Factors Affecting the Quality of Breast Quasistatic Ultrasound Elastograms

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Abstract

Objectives

To explore factors affecting the quality of quasistatic ultrasound elastograms of the breast and to evaluate their accuracy in distinguishing benign and malignant breast lesions.

Methods

A total of 663 patients with 702 breast lesions were recruited. All patients received both conventional ultrasonography and quasistatic elastography. Patients' breast lesions were divided into A and B groups according to satisfactory and unsatisfactory elastographic examinations. Group A included 590 satisfactory elastograms, whereas Group B included 112 unsatisfactory elastograms. Various factors—maximum depth of the lesion, maximum transverse diameter of the lesion, thickness of the adipose layer, thickness of the glandular layer, thickness of the breast, distance between the nipple and lesion, age, body mass index, and menopausal status—were analyzed and compared between the groups to gauge their effects on the quality of the elastograms.

Results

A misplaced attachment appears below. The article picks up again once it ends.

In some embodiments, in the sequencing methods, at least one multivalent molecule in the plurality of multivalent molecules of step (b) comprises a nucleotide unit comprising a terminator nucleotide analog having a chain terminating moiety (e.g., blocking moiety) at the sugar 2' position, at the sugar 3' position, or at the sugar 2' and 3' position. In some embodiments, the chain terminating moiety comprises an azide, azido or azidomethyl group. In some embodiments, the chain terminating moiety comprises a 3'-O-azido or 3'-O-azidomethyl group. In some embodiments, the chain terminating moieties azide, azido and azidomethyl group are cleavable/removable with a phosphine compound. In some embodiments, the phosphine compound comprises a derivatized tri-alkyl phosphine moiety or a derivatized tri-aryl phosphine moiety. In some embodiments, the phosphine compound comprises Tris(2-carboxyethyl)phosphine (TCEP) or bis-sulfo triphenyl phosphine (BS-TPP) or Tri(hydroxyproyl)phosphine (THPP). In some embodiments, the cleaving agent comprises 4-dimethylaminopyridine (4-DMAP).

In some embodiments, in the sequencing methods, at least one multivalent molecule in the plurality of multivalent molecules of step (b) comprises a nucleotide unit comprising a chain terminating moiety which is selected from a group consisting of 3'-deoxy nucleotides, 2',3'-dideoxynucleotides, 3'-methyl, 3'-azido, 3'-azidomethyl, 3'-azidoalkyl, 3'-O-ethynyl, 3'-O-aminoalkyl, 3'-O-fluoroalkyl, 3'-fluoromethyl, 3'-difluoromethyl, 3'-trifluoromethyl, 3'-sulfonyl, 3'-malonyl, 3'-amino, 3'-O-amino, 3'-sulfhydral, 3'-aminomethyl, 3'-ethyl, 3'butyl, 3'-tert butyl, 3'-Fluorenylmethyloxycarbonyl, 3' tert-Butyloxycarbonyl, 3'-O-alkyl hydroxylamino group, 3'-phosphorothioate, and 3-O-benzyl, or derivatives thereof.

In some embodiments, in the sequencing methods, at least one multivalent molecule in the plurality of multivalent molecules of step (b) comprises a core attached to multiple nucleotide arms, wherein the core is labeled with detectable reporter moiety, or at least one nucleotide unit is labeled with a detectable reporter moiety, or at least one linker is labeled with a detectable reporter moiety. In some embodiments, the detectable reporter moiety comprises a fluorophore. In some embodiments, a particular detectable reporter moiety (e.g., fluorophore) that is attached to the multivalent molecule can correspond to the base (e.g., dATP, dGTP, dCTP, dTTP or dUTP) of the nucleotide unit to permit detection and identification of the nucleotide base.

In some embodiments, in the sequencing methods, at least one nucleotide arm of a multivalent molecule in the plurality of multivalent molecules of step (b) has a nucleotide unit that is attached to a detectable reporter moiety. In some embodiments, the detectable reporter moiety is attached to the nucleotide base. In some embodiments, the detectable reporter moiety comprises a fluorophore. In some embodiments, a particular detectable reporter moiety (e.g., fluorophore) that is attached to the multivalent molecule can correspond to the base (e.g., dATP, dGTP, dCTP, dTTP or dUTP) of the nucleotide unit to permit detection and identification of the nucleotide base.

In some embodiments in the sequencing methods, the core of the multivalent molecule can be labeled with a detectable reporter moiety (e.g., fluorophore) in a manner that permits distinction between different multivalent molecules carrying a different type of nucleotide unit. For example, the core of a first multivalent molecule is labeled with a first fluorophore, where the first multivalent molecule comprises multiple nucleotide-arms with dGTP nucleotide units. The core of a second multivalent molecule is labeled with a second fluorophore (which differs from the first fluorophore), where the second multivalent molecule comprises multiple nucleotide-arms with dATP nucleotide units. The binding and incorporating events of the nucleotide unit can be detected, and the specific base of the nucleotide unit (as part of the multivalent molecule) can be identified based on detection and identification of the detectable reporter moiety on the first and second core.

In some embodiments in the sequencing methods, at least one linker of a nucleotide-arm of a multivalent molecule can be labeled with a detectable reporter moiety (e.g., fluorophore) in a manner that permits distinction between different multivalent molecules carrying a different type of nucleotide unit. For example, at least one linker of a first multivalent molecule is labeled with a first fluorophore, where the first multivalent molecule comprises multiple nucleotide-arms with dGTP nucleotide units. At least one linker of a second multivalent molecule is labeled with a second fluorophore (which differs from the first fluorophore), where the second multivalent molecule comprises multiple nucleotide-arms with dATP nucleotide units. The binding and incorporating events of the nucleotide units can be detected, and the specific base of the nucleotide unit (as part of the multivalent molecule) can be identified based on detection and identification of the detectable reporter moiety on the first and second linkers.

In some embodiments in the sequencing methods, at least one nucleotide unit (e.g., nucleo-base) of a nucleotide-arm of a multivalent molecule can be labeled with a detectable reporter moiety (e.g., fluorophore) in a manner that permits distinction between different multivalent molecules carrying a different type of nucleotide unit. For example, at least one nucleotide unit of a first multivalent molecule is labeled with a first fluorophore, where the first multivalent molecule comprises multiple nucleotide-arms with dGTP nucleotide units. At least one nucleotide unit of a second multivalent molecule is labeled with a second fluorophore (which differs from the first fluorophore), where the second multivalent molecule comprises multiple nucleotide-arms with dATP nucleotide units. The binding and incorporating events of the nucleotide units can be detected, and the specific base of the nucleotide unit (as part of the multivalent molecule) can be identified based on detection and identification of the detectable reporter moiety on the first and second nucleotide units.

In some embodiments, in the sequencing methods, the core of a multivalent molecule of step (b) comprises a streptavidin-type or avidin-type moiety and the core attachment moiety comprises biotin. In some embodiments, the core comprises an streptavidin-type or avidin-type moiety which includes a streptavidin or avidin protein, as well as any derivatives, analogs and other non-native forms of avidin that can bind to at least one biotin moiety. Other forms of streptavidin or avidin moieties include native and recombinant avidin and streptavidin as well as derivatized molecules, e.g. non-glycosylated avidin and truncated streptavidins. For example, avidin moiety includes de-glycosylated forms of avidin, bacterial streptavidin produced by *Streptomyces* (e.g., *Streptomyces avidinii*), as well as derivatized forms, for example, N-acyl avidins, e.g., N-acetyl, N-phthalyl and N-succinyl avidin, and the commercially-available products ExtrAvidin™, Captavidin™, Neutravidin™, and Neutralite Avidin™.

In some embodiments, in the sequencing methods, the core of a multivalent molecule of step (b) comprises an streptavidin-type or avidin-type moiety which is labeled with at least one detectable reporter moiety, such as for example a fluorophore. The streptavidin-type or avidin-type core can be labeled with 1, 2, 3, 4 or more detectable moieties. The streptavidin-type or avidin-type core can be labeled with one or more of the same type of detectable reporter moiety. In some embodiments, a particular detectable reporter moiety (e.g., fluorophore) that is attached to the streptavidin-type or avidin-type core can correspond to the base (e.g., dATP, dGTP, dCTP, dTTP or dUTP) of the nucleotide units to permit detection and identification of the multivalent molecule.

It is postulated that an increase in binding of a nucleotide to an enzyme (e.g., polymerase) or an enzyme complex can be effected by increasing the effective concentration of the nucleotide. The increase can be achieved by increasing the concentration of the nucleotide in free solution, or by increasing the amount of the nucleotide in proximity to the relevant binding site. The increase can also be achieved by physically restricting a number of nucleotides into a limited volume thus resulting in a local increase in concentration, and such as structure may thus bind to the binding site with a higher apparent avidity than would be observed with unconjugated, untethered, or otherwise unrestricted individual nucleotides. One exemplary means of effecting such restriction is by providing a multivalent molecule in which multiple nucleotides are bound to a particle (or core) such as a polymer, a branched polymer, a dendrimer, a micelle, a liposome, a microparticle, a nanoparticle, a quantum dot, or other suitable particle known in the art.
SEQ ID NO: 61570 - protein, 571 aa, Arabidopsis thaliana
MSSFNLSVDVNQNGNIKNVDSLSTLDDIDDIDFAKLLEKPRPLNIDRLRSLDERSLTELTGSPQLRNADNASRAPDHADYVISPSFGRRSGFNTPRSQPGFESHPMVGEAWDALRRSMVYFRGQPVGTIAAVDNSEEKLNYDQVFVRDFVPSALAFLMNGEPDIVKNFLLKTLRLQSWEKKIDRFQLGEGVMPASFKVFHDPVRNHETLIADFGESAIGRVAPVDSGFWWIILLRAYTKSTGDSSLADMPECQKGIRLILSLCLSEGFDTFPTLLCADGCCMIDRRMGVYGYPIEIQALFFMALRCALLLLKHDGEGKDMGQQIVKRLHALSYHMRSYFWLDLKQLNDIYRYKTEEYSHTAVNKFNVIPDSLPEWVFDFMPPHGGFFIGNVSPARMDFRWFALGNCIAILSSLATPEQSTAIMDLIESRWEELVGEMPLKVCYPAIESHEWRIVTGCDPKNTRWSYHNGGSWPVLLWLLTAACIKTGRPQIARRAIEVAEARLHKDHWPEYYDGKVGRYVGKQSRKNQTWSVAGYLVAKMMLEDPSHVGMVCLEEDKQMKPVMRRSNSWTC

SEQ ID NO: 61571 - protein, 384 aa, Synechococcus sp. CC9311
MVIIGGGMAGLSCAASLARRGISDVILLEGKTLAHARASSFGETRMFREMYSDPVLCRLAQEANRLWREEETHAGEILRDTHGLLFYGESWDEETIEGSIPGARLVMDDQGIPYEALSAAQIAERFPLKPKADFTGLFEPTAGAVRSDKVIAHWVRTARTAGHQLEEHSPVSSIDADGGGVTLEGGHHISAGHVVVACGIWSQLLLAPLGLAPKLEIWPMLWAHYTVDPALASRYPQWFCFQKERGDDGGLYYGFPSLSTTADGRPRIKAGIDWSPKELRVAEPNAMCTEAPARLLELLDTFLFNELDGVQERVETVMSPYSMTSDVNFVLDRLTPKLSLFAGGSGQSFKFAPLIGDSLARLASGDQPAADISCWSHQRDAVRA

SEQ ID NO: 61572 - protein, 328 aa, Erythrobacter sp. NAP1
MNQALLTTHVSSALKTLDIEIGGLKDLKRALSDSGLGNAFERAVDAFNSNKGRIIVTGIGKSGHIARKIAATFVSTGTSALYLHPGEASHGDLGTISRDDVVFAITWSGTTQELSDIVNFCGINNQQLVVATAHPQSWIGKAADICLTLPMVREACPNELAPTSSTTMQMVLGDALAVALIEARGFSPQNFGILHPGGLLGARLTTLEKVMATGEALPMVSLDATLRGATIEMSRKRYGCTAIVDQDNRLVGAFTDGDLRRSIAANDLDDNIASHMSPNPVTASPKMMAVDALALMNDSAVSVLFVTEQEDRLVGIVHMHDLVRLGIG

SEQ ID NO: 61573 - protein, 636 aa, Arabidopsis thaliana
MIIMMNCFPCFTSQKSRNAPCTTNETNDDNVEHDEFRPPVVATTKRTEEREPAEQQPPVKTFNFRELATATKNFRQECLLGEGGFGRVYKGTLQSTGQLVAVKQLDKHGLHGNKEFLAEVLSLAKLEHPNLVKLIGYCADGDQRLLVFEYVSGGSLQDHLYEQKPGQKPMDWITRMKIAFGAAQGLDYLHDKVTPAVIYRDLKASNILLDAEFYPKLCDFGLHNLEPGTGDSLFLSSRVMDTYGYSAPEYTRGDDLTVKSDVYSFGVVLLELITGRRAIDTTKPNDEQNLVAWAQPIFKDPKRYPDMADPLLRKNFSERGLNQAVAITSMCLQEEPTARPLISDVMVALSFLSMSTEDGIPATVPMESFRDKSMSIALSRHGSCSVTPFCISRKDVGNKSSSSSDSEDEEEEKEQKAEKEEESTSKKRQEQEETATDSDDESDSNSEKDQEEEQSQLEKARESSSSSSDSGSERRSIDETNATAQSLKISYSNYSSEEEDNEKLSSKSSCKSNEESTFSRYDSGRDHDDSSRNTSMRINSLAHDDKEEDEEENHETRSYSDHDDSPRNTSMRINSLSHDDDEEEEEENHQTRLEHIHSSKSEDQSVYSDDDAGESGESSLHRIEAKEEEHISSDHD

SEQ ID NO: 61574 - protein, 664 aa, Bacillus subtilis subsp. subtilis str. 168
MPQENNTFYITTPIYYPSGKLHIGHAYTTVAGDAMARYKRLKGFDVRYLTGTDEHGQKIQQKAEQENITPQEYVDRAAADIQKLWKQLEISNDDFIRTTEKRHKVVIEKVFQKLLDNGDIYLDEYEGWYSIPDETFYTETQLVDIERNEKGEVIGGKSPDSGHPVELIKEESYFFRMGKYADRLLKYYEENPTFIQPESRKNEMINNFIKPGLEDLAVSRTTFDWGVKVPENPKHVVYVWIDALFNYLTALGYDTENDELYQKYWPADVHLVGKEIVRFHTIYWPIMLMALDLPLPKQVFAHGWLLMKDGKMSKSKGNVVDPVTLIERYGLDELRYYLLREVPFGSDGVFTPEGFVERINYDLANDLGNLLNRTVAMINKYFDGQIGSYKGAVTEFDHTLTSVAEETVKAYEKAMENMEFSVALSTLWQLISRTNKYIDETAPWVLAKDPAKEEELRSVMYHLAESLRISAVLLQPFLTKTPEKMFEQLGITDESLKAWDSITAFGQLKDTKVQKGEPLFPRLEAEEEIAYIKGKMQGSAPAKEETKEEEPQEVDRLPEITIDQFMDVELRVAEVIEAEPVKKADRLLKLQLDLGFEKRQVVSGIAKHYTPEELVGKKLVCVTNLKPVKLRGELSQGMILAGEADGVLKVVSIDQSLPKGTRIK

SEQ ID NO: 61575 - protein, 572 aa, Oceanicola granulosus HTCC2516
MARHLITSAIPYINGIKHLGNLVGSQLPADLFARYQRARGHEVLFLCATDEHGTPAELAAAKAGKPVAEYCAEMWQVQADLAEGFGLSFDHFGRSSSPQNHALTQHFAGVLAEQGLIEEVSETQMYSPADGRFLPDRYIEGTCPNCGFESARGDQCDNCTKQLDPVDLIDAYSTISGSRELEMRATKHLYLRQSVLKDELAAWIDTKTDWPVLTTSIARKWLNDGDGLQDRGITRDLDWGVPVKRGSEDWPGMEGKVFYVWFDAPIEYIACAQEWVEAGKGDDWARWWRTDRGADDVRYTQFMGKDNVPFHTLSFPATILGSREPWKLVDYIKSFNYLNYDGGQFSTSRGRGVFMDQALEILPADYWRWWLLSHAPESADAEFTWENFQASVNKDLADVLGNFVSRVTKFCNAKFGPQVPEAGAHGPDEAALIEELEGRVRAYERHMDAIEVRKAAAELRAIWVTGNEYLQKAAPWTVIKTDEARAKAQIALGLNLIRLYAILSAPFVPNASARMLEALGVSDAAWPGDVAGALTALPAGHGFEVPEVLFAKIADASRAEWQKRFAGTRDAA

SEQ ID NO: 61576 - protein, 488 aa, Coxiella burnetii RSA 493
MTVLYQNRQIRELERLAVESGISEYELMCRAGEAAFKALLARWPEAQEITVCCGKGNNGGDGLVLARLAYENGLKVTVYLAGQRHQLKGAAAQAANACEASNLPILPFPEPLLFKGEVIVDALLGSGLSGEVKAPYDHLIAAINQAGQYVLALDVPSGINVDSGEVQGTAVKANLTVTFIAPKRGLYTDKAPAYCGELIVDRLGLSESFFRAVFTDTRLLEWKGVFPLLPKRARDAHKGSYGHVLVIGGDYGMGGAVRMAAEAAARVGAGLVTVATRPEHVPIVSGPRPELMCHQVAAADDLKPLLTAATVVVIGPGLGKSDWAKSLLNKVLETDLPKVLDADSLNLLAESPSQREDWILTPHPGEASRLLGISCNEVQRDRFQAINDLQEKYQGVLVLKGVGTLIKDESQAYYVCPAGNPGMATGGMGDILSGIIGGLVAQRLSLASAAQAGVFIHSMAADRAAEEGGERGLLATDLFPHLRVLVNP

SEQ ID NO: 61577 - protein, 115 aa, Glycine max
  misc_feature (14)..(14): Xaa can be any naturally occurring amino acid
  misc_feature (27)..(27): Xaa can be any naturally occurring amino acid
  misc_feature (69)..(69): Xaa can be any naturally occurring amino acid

Significantly deeper lesions, higher maximum transverse lesion diameters, thicker adipose layers, thicker glandular layers, and thicker breasts were identified in group B patients compared to group A patients (P < .05). Multivariate logistic regression analyses showed that the maximum depth of the lesion, thickness of the adipose layer, and thickness of the breast were independent factors in the quality of elastograms. The area under the curve for the maximum depth of the lesion was 0.986 with the optimal cutoff threshold of 2.5 cm.

Conclusions

Quasistatic elastography can be a supplementary approach to conventional ultrasonography in helping improve the diagnostic accuracy of breast lesions. The depth and size of breast lesions are correlated with the quality of elastograms.

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